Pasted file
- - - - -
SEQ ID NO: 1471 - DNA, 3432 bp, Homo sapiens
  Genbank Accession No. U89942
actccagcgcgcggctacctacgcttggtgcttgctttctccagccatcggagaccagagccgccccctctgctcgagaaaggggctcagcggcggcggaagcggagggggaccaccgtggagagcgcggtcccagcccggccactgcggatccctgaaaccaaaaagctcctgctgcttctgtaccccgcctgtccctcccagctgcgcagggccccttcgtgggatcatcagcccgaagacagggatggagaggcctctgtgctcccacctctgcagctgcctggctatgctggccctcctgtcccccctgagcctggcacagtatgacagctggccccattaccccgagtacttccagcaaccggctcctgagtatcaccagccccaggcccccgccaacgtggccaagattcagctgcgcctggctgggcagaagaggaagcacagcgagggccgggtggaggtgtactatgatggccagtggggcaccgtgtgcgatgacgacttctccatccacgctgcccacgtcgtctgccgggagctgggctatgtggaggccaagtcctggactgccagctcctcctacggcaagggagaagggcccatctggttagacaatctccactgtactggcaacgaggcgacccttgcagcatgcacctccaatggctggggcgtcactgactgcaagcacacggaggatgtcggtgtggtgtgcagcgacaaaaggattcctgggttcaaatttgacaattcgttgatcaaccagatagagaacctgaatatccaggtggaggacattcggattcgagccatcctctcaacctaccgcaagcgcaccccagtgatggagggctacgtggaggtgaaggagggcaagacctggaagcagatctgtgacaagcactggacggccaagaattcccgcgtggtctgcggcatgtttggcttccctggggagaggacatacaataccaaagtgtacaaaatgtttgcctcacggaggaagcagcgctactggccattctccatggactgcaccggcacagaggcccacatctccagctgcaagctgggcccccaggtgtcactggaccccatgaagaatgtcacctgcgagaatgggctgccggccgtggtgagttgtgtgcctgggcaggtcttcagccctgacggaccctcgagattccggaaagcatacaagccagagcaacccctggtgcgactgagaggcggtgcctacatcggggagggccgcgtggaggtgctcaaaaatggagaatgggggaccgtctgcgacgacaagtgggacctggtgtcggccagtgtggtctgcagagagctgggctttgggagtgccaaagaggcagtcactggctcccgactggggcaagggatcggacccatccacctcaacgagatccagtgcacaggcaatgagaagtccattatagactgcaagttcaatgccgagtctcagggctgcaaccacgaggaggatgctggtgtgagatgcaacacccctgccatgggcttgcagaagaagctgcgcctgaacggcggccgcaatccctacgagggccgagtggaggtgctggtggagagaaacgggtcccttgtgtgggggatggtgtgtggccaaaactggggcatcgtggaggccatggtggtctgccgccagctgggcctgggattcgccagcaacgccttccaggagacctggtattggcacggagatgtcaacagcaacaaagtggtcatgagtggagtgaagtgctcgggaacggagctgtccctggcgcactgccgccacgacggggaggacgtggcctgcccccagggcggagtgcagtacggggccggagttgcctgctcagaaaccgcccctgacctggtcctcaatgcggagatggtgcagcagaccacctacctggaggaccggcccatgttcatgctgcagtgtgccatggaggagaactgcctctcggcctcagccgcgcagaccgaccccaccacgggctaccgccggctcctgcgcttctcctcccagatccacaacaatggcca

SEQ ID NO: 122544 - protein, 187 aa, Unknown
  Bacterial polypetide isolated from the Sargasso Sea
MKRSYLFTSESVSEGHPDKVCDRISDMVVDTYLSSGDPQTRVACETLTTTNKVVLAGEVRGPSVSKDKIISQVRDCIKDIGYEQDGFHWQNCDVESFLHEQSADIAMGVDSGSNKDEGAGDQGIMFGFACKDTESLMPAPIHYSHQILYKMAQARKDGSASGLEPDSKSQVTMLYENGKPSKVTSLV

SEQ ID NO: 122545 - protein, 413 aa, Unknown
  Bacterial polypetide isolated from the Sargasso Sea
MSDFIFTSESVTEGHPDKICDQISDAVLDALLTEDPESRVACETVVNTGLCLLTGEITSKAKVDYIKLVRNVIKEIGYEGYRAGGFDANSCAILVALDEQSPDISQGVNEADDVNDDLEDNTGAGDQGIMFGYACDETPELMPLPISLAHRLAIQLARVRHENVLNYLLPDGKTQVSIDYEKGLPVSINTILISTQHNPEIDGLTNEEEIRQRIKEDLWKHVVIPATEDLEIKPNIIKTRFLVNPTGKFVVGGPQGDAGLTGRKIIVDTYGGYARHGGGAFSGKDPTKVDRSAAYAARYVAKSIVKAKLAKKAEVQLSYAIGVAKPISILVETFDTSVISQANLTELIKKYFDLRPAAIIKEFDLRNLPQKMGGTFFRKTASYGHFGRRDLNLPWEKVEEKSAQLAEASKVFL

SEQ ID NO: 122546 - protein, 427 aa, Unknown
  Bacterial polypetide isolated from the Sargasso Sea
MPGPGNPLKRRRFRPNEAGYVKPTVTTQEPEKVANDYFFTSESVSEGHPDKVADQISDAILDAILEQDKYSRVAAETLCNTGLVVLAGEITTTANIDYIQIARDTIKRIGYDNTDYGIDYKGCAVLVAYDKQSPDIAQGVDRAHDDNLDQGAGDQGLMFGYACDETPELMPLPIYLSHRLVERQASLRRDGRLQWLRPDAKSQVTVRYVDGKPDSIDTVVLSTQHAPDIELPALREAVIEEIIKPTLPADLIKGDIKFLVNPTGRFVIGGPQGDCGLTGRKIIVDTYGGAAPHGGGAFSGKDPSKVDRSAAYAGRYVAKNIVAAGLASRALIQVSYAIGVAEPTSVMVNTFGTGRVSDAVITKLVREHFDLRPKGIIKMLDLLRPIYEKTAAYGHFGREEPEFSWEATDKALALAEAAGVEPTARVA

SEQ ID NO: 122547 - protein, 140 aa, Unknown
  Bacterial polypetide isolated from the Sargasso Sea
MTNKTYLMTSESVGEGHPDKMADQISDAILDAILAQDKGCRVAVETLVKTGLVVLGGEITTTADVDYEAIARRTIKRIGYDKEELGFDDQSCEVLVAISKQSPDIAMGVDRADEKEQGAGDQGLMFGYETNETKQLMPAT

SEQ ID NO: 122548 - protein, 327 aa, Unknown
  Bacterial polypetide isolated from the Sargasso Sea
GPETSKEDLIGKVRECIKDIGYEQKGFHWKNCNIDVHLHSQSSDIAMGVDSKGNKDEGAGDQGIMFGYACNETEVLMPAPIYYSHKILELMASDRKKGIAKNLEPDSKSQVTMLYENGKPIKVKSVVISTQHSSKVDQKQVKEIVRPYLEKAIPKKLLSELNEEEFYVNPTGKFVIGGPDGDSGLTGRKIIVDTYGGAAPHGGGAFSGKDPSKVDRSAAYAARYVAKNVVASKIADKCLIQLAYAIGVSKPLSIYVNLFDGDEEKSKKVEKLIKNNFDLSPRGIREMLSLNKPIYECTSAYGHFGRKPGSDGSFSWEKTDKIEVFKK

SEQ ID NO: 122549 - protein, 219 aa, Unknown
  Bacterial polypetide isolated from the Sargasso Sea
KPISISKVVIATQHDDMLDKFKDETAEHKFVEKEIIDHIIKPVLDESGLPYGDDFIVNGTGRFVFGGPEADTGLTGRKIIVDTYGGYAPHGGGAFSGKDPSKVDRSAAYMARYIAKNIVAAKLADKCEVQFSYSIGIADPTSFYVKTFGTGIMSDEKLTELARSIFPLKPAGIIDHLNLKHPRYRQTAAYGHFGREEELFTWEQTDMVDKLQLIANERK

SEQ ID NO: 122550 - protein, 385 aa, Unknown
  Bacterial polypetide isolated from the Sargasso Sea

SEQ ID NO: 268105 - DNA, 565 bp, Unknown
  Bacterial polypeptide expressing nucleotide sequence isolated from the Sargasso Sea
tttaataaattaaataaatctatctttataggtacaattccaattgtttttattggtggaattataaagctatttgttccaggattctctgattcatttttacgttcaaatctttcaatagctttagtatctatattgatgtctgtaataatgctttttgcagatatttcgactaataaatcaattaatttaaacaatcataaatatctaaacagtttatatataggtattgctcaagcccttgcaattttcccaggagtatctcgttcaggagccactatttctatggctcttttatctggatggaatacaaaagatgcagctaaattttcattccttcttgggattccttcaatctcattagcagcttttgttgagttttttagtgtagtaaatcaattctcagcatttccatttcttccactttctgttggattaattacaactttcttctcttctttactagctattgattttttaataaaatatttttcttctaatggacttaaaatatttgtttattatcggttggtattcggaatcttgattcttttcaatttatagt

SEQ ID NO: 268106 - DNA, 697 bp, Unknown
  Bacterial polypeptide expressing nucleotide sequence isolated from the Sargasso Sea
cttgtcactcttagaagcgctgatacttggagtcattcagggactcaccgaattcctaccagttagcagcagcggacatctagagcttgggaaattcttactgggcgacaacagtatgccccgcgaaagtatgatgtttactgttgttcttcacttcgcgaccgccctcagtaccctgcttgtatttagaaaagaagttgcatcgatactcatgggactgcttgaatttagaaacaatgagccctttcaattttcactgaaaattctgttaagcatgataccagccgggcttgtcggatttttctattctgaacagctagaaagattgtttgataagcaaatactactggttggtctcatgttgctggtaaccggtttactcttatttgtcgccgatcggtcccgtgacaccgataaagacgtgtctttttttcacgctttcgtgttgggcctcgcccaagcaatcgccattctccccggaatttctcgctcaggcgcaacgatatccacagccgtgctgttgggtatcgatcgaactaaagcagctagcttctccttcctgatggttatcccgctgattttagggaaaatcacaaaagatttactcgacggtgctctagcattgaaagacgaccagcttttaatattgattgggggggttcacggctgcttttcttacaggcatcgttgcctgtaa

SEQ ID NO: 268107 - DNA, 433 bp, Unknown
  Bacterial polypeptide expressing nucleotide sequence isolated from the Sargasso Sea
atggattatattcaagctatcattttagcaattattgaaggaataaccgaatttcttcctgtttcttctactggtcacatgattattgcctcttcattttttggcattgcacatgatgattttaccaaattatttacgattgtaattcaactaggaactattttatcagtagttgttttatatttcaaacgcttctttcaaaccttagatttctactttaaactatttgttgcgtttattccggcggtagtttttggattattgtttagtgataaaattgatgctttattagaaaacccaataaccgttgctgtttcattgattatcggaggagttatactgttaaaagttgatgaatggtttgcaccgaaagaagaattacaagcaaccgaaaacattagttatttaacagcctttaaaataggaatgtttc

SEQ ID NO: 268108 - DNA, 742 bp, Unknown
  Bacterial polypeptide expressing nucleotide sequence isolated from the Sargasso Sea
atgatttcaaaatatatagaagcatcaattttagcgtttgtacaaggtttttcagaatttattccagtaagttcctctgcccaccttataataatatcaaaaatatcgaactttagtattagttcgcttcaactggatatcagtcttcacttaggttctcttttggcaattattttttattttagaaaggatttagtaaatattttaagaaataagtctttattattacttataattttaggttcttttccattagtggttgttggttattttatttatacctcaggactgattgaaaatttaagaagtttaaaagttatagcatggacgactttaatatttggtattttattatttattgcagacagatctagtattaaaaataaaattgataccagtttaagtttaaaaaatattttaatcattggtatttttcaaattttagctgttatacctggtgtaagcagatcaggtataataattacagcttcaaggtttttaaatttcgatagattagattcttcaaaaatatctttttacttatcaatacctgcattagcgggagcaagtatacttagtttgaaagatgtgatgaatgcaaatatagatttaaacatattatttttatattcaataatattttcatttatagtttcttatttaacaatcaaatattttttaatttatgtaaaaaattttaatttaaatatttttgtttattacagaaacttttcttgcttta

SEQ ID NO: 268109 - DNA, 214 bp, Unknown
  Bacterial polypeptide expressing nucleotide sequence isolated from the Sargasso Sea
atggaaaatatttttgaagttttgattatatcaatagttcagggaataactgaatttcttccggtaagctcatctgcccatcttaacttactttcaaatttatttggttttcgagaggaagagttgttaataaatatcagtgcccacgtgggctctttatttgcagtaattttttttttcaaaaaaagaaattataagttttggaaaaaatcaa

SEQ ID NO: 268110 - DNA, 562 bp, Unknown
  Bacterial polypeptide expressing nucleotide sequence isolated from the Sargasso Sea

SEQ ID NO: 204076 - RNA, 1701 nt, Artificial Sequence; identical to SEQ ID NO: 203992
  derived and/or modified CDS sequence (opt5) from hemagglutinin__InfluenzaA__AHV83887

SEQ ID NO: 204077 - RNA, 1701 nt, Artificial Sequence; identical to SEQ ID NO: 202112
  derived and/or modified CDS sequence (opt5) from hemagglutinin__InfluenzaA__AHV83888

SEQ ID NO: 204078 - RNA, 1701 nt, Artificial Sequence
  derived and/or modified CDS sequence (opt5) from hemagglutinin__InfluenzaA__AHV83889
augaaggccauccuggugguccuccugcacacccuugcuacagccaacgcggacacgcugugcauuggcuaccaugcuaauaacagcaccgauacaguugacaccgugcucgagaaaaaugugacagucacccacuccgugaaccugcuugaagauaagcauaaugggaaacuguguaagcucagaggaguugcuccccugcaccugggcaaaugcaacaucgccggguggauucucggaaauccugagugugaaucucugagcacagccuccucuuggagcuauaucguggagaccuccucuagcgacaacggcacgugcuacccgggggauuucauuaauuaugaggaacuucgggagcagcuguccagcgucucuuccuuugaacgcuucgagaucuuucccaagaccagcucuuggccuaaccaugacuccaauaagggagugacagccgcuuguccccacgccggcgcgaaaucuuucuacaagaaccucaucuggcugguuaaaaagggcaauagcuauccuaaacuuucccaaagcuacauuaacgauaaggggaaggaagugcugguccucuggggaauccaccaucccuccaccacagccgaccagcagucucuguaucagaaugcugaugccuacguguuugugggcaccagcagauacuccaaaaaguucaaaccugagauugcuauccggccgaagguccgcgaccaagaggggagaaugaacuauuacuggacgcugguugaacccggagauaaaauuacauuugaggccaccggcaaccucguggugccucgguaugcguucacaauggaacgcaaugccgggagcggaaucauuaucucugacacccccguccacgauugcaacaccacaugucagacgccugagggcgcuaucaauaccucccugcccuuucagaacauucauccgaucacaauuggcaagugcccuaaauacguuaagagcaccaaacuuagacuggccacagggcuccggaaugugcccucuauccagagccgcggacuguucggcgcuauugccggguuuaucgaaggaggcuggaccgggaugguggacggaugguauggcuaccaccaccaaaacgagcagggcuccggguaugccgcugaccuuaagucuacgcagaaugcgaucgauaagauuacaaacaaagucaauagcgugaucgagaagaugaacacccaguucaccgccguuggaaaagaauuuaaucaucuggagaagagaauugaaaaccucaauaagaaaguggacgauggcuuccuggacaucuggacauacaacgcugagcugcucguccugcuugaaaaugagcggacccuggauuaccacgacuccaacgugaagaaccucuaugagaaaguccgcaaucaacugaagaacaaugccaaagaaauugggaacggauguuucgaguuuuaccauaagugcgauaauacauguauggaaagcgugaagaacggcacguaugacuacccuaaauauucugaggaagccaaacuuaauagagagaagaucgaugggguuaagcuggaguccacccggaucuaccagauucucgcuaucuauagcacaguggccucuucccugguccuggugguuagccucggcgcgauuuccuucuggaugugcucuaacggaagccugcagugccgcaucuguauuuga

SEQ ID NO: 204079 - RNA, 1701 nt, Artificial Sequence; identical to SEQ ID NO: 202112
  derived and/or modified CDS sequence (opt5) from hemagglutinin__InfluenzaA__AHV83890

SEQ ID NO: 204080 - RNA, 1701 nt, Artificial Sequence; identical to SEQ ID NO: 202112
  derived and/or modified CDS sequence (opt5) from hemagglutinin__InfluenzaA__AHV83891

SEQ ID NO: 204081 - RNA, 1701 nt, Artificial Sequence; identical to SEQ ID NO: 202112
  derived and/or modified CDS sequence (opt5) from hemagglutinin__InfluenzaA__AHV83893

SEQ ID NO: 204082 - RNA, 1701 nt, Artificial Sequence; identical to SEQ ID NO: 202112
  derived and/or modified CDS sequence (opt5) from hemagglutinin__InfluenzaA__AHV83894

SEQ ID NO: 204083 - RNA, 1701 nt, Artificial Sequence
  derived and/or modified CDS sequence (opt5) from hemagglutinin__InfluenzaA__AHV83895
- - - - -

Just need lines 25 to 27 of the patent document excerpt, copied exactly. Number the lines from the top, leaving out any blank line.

  Bacterial polypeptide expressing nucleotide sequence isolated from the Sargasso Sea
tttaataaattaaataaatctatctttataggtacaattccaattgtttttattggtggaattataaagctatttgttccaggattctctgattcatttttacgttcaaatctttcaatagctttagtatctatattgatgtctgtaataatgctttttgcagatatttcgactaataaatcaattaatttaaacaatcataaatatctaaacagtttatatataggtattgctcaagcccttgcaattttcccaggagtatctcgttcaggagccactatttctatggctcttttatctggatggaatacaaaagatgcagctaaattttcattccttcttgggattccttcaatctcattagcagcttttgttgagttttttagtgtagtaaatcaattctcagcatttccatttcttccactttctgttggattaattacaactttcttctcttctttactagctattgattttttaataaaatatttttcttctaatggacttaaaatatttgtttattatcggttggtattcggaatcttgattcttttcaatttatagt

SEQ ID NO: 268106 - DNA, 697 bp, Unknown